• When I work on new material, I contact the team on emerging issues. For instance, in order to write on financial subjects or describe API parameters, I needed to speak with developers or our director Ivan Baidin. I try to not disturb the team unnecessarily and only contact them if I need to clarify key issues.
  • Our team resorts to the affiliate knowledge base as well, in order to learn more about our tools and work terms. As for API articles, they are mostly popular among Travelpayouts and Aviasales (the Russian brand of Jetradar) developers.
  • We have an internal knowledge base, which is being actively upgraded now. It works on the platform Confluence, but we explore alternative tools as well.
  • The knowledge base expansion is the responsibility of more people than just me. We have a very conscientious team, and they all understand that it is better to spend a couple of minutes adding new information to the knowledge base right away, than spending hours trying to find it later. Our internal database stores all kinds of information, such as:
    • Contacts of partners and important affiliates
    • Internal guides
    • A description of business processes
    • Discussion of further plans and various tasks
    • A summary of the company features for new employees
    • Error analysis and solutions
  • An internal database solves a range of issues that might be critical for a company, such as reducing the time of onboarding new employees, reducing the risk of data loss due to the departure of key staff and a faster response to any kind of functionality malfunction.
  • For about two years, I was combining technical writing and customer support, by responding to all questions regardless of the crux of the matter. My knowledge of the affiliates’ issues helped a lot in forming the database, so you can find an answer to almost any question imaginable. Now, I only respond to complex technical questions related to the data and search API. Our support managers answer many questions on API themselves, but sometimes there are issues that require more detailed knowledge, so the team contacts me.

Work environment

  • Every year we all gather to celebrate the company’s birthday, and last year it was in Georgia. The event was very well-organized, and the atmosphere was so healthy, I enjoyed the celebration a lot. It would be awesome if these parties became a regular thing.

Work environment

  • Among all of the personality traits, the company values independence, which implies not only having  self-discipline, but also being able to take the initiative for the common good. I feel that most people on our team are exactly like that.
  • The communication within the company is crucial as well. If it is well-organized, you can be wherever you want and stay in touch with your colleagues as if you were in the same room.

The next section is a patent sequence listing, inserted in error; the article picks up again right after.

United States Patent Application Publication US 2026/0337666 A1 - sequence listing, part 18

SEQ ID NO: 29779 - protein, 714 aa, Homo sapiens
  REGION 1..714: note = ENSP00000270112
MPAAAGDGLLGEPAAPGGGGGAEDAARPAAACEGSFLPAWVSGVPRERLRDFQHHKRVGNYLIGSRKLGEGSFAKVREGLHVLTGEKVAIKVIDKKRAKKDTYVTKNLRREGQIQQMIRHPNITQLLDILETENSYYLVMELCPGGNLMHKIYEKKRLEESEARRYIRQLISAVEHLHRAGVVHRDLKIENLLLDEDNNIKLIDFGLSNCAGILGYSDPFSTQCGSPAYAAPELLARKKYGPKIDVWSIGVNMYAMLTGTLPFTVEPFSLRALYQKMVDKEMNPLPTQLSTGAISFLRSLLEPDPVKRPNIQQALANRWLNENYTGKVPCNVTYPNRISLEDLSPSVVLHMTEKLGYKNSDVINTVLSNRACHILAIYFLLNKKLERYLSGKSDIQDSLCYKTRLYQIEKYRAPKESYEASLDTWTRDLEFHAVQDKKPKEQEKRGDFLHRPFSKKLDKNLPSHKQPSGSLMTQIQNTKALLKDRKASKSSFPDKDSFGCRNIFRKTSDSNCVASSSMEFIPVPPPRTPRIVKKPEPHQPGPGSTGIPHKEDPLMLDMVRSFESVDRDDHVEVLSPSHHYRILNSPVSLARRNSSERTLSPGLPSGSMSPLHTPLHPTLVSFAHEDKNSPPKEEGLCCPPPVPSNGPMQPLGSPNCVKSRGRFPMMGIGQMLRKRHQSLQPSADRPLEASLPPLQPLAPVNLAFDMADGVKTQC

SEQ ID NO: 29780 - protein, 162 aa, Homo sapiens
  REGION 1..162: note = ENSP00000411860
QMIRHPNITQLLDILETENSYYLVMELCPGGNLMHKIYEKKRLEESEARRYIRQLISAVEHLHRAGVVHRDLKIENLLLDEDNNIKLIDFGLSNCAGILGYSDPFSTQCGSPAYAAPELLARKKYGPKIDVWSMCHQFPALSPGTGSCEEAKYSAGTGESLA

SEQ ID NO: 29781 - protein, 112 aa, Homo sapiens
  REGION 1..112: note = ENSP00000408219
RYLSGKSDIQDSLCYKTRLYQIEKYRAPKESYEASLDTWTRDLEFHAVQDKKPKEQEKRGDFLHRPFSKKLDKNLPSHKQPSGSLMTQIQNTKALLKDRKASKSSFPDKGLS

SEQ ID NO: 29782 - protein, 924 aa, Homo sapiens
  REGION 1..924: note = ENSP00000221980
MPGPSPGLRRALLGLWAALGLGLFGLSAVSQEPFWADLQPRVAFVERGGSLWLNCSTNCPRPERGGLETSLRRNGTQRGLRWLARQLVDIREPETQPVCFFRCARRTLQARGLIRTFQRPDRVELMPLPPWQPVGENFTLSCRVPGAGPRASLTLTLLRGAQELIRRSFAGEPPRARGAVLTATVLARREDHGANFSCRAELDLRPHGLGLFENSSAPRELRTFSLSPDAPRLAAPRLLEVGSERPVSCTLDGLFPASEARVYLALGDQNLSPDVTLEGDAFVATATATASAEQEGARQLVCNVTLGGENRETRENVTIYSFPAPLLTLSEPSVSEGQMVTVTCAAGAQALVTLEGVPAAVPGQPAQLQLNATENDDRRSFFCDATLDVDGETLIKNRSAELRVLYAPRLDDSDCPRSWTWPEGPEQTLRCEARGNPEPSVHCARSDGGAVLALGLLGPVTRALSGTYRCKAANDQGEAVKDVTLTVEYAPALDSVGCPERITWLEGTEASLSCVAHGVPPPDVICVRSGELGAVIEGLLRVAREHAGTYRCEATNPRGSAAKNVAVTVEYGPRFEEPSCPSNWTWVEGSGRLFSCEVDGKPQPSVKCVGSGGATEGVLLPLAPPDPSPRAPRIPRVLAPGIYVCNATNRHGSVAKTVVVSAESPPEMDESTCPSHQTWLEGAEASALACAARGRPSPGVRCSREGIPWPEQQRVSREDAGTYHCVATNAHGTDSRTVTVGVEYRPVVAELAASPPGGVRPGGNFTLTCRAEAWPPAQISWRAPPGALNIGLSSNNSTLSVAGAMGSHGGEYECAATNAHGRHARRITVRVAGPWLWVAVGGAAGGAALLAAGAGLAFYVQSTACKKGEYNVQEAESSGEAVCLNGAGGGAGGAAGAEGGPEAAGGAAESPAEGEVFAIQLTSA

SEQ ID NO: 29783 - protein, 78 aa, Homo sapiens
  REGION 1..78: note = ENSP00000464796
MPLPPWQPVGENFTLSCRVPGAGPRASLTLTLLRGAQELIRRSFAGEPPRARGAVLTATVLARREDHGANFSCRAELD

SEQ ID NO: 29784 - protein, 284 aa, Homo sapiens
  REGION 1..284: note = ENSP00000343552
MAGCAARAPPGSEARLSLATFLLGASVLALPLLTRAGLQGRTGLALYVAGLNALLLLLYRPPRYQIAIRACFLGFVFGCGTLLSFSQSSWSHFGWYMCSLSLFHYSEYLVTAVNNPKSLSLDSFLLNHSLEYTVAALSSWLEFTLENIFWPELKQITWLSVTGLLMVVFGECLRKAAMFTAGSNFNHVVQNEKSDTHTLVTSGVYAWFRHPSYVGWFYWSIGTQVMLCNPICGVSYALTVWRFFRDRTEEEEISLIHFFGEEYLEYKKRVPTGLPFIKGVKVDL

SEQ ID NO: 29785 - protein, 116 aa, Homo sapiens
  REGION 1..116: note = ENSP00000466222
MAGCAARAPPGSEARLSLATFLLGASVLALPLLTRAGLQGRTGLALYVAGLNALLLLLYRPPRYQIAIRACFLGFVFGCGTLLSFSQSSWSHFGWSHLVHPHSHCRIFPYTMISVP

On working remotely

  • I have always been inclined to work remotely because no big IT company has an office in my native city Barnaul. A remote job, on the other hand, is a great opportunity for working for a highly prospective company and doing interesting tasks, all of which I found in Aviasales (Russian brand of Jetradar) and Travelpayouts. I joined the team five years ago, and my job is still interesting for me.
  • I take great pleasure in working from home, so it is hard for me to even imagine that I would go to an office first thing in the morning where there are other workers. I have children, and they are loud sometimes, but they never interrupt my working process (thank God for headphones). I used to work in the office years ago, and I cannot recall a time when I was able to throw myself into work for the whole day and not be disturbed by anything in that environment. Here is an old photo of me. You can see that I’ve changed and have a different computer now:

On working remotely

  • I love what I do. I enjoy writing, structuring and editing information. Meanwhile, my family and I, can pack bags at any time and hit Barcelona for a month. Altering work and holidays, nobody will even notice that I’ve changed the location! My workplace travels with me because I can take my laptop anywhere.

About motivation

  • I hardly experience any type of existential crisis at work. I mean the feeling when your job lacks any sense, and you want to give it up. I take pleasure in my work, and it brings me energy. I can easily work while on holidays, because my job is also my hobby. There are moments when there is not enough of feedback from the team, but mostly due to my physical remoteness from them. Anyway, it happens quite rarely.


Things I’d like to improve

  • I believe that we all are on the right track. As with new offers, we become a huge affiliate network rather than just an affiliate program of one company. The only thing we lack is decentralization. I would appreciate if responsibilities were divided among several groups of people who could make a strategy of their own to increase the efficiency of the process. It just so happens that traditionally, there is a boss who gives orders to everybody within the company. However, we are moving towards decentralization right now.
  • I need to improve my English, which I do, but maybe not as much as necessary. That’s the only obstacle I face in my work, and I have to ask colleagues for help in such cases.

Let’s get personal

  • I graduated from the Physics and Technology faculty and defended the Candidate’s Thesis on Physics in 2010. In this photo, you can see me making bubbles back in 2010, and that’s what my thesis was mainly about.

Let’s get personal

  • I am an introvert, so when the company thanks me for my job, it’s enough for me, and I continue working.
  • As for traveling, I have two dreams. One is to see the atlantic coast in Portugal and the other is to visit New York.
  • If one day aliens come and ask where to go to understand human nature, I will recommend visiting any megapolis, with the most beautiful one being St. Petersburg. However, I will send aliens to Altai Mountains to see the beauty of nature (ideally, the area around its highest peak called Belukha or the lake Teletskoye), for me, this place will blow your mind.
  • I am a simple person, I haven’t stumbled upon any book or film that would change my life, but if you want to know my preference, it is the Soviet animation film “Wings, legs and tails.”
  • Among my recently read books, I can highlight “To Kill a Mockingbird” by Harper Lee and “Sapiens: A Brief History of Humankind” by Yuval Noah Harari.
  • I admire people who enjoy music in itself. For me, on the other hand, music is just a background sound at work or in a car. As for a corporate party, I would play tracks of such music groups as “Neyromonakh Feofan,” “Anacondaz,” and “Electric six.”

Further plans

  • In 10 years, I see myself as a happy, successful and healthy person, which is an obvious answer for an obvious question.